The Panic of 1893: The Untold Story of Washington State's First Depression

Author: Bruce A. Ramsey

9"x6" paperbound- 324 pages w/Index

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In 1893 Washington, a new state with new people, plunged into the last economic depression of the 19th century. Banks failed. Sawmills closed. Money became so scarce that in Bellingham and Port Angeles, people made their own. Jobless men sawed wood, picked blackberries and dug clams. In Spokane, the town's richest man was wiped out, and from Tacoma and Seattle protesters set off for Washington, D.C. seeking help, on foot and by stealing rides on trains. In The Panic of 1893, former Seattle newspaper reporter, editor and columnist Bruce Ramsey tells the story of how people survived and how their state was changed forever.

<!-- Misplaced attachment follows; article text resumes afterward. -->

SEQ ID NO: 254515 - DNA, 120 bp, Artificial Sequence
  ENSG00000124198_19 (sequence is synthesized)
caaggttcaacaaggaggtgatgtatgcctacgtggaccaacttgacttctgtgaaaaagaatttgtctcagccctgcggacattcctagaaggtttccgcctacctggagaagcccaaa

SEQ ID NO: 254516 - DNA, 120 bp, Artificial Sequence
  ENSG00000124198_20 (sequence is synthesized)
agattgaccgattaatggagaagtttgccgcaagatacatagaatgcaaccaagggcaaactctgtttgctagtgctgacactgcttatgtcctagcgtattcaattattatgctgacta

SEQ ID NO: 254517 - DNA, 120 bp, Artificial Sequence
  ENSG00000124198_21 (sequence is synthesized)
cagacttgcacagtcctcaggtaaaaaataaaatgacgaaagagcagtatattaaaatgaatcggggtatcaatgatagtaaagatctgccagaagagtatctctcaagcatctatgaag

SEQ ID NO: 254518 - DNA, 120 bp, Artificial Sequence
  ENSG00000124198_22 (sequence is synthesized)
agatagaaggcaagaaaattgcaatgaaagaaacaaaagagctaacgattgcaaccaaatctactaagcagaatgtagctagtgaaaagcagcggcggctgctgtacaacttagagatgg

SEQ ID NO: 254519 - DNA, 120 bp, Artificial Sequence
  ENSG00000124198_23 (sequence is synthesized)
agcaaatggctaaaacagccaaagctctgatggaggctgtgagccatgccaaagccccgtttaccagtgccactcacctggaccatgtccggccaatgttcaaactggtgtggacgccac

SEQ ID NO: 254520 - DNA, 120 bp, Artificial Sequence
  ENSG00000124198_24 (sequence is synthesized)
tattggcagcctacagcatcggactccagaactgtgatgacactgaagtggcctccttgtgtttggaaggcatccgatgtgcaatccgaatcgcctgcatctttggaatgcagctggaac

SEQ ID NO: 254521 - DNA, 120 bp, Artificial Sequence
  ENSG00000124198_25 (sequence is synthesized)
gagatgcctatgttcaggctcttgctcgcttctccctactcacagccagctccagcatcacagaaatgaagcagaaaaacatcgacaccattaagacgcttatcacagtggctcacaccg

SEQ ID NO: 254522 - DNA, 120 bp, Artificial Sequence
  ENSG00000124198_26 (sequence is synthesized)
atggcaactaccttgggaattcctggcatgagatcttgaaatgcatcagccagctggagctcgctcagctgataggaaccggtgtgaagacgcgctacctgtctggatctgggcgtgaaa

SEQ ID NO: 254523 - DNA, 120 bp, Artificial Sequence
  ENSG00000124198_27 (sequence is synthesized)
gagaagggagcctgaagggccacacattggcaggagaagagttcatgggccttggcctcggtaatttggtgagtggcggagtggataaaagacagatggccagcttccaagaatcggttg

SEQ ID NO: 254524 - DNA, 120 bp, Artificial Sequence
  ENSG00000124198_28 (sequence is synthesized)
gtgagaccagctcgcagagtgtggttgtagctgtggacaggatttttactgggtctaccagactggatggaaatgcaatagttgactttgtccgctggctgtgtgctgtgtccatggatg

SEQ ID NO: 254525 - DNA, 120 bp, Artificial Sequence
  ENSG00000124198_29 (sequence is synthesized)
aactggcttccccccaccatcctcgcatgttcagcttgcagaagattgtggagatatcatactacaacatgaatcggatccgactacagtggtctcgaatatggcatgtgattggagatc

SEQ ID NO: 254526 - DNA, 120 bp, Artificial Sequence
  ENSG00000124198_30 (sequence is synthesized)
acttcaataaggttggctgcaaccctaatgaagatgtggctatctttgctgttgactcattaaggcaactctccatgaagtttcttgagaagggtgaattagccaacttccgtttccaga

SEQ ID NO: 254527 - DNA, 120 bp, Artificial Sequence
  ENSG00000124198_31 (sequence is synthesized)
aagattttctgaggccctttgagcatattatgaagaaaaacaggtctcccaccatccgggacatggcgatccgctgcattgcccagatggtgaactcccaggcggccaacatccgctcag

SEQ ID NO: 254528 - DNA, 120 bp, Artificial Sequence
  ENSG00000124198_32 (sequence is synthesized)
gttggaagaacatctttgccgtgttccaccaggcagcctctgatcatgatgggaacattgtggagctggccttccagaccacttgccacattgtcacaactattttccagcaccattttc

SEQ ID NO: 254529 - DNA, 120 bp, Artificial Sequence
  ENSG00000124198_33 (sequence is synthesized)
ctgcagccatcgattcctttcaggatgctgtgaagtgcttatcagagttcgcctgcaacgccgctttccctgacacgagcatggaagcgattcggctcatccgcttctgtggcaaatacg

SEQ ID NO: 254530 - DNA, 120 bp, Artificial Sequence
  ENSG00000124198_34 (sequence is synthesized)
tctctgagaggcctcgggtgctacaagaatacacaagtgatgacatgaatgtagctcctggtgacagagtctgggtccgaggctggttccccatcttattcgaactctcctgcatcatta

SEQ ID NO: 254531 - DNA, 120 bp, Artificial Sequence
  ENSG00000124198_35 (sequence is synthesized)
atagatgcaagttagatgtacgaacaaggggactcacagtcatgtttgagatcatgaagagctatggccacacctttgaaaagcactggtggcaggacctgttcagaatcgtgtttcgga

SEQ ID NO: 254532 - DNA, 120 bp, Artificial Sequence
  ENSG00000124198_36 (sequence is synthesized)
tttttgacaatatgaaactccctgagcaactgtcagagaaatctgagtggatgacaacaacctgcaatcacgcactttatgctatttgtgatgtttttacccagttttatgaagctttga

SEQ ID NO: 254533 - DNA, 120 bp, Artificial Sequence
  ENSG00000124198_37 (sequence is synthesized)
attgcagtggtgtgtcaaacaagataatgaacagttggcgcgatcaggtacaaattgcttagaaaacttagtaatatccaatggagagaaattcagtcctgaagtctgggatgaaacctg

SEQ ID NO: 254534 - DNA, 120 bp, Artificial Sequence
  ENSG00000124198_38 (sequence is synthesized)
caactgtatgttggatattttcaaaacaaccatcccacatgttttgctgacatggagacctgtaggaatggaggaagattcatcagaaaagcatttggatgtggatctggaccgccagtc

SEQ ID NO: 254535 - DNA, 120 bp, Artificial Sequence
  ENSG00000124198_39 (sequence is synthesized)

Bruce A. Ramsey studied at the University of Washington School of Business and at the University of California, Berkeley, School of Journalism. He began his newspaper career in 1976 at the Daily Journal-American in Bellevue, Wash., and in 1979 worked under Elliot Marple at Marple's Business Newsletter, Seattle. He covered business news for the Seattle Post-Intelligencer during the 1980s, when he won a national award for a series on the failure in 1982 of the Seattle-First National Bank. In 1989 he moved to Hong Kong as a senior writer at Asiaweek magazine. He returned to Seattle in 1993 as a business and editorial columnist at the Post-Intelligencer. In 2000 he joined the editorial board of The Seattle Times, from which he retired in 2013. Ramsey edited for volumes of the works of journalist Garet Garrett and authored a biography of him, Unsanctioned Voice, all published by Caxton Press. He lives in Seattle with his wife Anne.

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